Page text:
Archive for November, 2007

georgio-stoev.jpg     As the ECB is due to announce its decision on interest rates, the central bankers face on of the biggest dilemmas. To do it or not?

    On one side is the pro-inflation factor of the growing petrol prices, as the inflation in the eurozone reached 3% in the November. On the other, the concern of the credit crunch on the other side of the Atlantic spreading over in Europe and thus threatening the economic growth. Granted, European officials expect slower growth next year.

    The credit crisis, the petrol prices and the strong euro are seen to moderate this expansion.

    Therefore some economists are calling for the central bank to lower rates. They also indicate that the Fed has done it twice and it’s about to do it again in December. The fear is the USD will move lower as a result, thus, further increasing the chaotic movement of the currency in the market. This of course, may lead to a further slow down for the exporting economies of the EU.

– Georgio Stoev


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    Sometimes it gets ridiculous how many lines you draw on a chart. My colleague Blake Young, for example, likes to draw so many lines on his charts that he’s sure to always be right about support and resistance!

    So it goes with me for the kiwi right now. I couldn’t resist drawing lines everywhere. In fact, I even just removed some because I had too many.

    The pair is scrunching into a tight corner where lines meet. The interesting thing is, it also looks like it could be heads-and-shoulders’ish with the neckline at the 50% Fibonacci level. That’s all Greek for “it could really go down”. We’ve talked about this on the GBP/JPY for a while. The consolidation according to the lines favors an upward move, but it looks so wimpy (I don’t see a great triangle, for example). If it turns into a head and shoulders, well, there is a wonderful pattern! And it would break thru these resistance lines, too.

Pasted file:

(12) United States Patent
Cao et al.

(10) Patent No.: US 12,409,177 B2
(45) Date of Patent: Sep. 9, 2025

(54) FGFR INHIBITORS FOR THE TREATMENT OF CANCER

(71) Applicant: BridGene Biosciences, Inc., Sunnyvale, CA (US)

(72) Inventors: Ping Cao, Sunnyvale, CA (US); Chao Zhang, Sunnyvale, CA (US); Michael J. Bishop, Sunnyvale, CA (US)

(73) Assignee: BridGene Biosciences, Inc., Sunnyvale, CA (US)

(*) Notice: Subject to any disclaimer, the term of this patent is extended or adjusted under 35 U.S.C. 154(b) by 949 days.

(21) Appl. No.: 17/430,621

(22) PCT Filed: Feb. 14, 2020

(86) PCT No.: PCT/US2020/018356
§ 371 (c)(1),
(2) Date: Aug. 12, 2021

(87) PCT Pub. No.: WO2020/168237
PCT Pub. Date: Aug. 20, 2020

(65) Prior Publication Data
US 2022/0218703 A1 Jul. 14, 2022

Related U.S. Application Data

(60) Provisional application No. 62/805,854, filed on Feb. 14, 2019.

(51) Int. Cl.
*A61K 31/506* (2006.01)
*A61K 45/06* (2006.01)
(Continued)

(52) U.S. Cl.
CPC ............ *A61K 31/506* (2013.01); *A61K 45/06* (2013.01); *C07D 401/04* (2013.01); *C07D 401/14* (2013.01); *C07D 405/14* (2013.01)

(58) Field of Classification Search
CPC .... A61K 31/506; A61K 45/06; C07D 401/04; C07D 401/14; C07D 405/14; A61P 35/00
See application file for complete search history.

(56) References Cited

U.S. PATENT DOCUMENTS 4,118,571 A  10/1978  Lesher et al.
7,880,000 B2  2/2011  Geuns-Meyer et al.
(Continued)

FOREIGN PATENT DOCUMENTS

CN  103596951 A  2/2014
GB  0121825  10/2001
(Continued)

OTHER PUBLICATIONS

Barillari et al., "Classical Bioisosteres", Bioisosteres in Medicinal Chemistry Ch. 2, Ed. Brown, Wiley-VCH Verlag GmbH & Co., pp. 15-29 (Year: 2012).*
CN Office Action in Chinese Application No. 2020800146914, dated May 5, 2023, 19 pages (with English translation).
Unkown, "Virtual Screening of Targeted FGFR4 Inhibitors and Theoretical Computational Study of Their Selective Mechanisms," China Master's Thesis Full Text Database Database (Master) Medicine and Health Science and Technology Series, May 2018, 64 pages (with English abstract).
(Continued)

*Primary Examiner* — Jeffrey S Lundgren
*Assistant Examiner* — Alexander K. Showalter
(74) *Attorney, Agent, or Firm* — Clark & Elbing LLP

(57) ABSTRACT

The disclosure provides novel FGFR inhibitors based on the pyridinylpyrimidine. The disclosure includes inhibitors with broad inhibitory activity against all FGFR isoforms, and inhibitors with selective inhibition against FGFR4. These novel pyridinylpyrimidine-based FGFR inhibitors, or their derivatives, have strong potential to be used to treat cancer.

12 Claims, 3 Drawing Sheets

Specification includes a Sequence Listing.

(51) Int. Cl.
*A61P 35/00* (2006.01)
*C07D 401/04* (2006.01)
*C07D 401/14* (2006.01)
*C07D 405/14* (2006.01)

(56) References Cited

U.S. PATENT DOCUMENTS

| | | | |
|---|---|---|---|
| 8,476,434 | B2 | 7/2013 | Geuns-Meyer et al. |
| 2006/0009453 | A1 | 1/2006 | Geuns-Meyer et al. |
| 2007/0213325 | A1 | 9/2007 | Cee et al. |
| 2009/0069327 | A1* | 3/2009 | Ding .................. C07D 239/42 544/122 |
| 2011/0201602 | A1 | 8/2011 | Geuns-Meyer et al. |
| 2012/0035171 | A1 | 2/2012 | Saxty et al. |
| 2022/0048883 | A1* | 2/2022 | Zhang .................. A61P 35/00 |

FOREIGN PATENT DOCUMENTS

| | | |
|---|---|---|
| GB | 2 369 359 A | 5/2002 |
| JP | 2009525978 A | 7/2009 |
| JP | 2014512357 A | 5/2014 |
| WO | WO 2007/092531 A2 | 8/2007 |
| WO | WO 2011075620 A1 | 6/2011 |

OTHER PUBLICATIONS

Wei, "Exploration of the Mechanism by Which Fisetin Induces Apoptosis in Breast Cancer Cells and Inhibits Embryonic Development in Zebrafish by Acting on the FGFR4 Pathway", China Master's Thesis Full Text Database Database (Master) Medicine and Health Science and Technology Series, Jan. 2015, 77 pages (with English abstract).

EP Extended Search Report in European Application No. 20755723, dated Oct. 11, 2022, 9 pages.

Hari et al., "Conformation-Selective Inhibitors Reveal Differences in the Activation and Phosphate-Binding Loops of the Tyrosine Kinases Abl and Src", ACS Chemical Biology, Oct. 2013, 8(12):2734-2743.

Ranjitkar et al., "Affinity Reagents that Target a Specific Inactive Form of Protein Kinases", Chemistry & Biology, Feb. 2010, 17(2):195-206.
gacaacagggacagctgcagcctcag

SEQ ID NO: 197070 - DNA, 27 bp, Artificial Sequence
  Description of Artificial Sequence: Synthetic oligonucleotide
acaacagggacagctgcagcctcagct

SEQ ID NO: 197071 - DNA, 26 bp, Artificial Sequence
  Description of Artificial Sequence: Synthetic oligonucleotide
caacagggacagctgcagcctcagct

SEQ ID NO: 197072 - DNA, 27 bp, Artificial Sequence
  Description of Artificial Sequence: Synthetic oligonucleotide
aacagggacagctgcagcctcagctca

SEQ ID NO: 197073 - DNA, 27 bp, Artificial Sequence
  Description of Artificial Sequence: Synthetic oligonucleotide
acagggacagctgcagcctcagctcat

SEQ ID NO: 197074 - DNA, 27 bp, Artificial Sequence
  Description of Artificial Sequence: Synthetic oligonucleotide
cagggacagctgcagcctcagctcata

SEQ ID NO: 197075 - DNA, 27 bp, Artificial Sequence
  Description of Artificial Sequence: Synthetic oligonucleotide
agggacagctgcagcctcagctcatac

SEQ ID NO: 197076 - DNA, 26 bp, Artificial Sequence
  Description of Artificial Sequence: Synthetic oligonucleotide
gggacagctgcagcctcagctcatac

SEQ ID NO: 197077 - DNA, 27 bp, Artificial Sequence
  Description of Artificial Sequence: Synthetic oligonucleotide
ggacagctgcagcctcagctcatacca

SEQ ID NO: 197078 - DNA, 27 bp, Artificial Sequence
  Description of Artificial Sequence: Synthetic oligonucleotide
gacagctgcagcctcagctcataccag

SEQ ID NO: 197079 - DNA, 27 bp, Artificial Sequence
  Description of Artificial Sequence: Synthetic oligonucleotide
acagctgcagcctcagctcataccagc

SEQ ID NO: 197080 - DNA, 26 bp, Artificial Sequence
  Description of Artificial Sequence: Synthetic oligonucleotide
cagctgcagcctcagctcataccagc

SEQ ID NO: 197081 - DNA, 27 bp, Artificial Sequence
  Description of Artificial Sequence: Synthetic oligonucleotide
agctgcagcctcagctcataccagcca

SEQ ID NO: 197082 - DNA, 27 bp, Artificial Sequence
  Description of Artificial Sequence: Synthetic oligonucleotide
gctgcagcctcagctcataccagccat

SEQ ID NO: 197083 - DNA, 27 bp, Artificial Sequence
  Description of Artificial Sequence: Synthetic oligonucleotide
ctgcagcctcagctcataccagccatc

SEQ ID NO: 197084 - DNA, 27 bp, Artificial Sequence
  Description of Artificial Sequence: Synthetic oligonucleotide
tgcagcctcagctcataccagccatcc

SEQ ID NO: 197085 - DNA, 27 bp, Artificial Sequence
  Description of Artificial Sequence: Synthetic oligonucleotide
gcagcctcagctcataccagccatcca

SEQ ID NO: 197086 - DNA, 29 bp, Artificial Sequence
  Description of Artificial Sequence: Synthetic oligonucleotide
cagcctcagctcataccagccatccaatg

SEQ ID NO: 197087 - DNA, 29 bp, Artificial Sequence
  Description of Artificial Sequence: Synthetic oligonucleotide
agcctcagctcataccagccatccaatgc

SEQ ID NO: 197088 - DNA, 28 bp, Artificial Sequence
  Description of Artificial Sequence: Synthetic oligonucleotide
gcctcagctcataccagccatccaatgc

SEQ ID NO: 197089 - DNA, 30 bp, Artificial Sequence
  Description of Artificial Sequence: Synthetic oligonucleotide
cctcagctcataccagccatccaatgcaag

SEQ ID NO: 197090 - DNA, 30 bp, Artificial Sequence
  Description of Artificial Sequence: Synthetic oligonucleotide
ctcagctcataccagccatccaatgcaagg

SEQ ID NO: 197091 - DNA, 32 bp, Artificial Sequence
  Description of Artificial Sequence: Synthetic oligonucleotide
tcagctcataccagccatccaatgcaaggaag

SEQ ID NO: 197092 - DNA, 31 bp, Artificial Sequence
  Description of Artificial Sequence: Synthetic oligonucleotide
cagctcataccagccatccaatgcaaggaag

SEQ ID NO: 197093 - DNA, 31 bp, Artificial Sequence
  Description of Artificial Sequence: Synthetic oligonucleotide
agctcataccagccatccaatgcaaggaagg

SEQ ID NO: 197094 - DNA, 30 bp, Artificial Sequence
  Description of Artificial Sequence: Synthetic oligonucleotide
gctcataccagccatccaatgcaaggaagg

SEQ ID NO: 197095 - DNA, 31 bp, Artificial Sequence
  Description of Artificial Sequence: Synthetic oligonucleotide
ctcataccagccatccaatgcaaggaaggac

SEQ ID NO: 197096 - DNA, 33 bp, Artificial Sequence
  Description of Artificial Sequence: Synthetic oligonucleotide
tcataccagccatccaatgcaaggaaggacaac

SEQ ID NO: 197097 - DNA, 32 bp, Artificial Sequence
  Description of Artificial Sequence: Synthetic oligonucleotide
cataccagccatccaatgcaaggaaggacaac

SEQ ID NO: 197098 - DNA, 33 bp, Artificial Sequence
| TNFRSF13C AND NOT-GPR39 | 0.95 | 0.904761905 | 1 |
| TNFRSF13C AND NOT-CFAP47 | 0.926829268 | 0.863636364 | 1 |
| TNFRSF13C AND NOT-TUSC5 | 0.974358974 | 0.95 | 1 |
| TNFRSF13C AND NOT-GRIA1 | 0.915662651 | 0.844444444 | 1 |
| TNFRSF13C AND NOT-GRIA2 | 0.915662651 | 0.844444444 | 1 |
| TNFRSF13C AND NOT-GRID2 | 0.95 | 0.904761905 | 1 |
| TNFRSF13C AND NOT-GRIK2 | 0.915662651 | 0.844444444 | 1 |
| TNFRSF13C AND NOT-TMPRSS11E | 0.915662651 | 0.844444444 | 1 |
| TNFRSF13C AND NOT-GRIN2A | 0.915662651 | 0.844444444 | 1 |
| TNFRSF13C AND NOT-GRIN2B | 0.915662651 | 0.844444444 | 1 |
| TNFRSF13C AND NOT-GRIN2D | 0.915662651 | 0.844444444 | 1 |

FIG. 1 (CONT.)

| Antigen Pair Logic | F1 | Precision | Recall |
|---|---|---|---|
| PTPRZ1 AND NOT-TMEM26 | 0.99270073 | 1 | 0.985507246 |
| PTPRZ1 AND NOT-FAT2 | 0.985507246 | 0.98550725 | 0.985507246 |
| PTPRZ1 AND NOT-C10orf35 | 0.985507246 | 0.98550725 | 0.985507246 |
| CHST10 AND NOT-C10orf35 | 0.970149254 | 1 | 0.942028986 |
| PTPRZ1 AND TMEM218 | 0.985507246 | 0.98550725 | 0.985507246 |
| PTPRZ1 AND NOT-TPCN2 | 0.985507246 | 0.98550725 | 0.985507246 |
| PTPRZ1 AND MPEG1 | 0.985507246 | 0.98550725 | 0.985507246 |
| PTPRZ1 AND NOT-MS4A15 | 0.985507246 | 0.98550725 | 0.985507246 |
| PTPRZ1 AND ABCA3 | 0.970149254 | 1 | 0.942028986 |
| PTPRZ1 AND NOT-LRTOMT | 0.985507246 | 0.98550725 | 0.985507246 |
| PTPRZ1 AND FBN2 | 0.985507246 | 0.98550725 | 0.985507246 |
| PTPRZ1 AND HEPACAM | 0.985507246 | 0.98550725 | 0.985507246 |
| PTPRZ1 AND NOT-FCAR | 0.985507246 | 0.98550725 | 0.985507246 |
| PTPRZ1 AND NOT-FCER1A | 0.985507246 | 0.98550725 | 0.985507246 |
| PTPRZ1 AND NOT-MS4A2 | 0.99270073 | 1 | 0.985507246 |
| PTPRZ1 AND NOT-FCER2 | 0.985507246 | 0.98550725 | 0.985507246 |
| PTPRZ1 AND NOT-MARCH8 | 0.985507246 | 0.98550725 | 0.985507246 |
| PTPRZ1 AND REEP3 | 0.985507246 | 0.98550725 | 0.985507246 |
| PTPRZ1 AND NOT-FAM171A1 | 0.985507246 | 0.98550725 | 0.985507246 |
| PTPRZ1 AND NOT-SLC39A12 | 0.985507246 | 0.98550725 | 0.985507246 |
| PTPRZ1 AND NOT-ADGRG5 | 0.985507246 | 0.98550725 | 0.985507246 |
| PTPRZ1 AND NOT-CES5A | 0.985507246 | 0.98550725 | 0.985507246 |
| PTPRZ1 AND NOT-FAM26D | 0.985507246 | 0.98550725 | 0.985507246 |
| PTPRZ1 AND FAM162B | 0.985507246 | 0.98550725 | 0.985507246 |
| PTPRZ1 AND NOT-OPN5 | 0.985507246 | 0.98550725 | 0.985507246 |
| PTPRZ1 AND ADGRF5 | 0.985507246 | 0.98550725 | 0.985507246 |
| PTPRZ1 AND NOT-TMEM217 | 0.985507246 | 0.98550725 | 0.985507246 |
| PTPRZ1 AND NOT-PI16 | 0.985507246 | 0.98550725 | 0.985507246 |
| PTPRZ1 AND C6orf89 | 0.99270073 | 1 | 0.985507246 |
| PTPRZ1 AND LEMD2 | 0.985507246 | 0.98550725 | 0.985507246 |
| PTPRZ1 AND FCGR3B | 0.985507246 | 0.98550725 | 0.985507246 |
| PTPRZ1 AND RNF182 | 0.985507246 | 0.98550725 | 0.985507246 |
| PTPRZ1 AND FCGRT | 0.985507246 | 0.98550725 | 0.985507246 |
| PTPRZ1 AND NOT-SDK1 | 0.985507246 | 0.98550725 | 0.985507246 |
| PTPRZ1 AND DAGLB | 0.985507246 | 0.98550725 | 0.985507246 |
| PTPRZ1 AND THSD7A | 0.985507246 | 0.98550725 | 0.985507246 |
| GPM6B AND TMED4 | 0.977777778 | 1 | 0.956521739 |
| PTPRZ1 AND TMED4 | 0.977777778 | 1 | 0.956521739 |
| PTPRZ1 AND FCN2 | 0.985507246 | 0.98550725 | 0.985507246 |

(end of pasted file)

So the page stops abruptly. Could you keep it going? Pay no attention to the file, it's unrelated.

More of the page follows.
For now I just have to shrug my shoulders. We react to the market; I’m not going to predict it too much. But those are my lines as drawn on the battlefield…


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The pair definitively jabbed thru its double top support a few days ago. Yes its a double top, be ye not fooled by its hunchbackedness. The question is whether to get in short now (if you didn’t already).

It feels like it’s gone a bit far for a retest of old support, but then, it does make long moves without pausing. I think it may try. That means I would be inclined to wait to get in until it’s caught its breath and get in as it bounces lower.  I’m leery about it continuing down at present because 1) it’s super oversold on the studies 2) it’s at the 200 day MA (light, thick red line where the price is now).

Don’t go running off and using the 200 day MA on everything if you already have a system you’re trying, remember these are examples of how to trade and use things. The 200 day is watched by lots of folks. It’s technically significant and is almost always a big support/resistance. So let’s watch and see if the price rebounds up now, bounces down and a breach in the 200 MA with less oversoldness comes along. Still plenty of room to run downward (to at least the red oval) – the aussie was not helped by a lower high on GLD a couple days ago.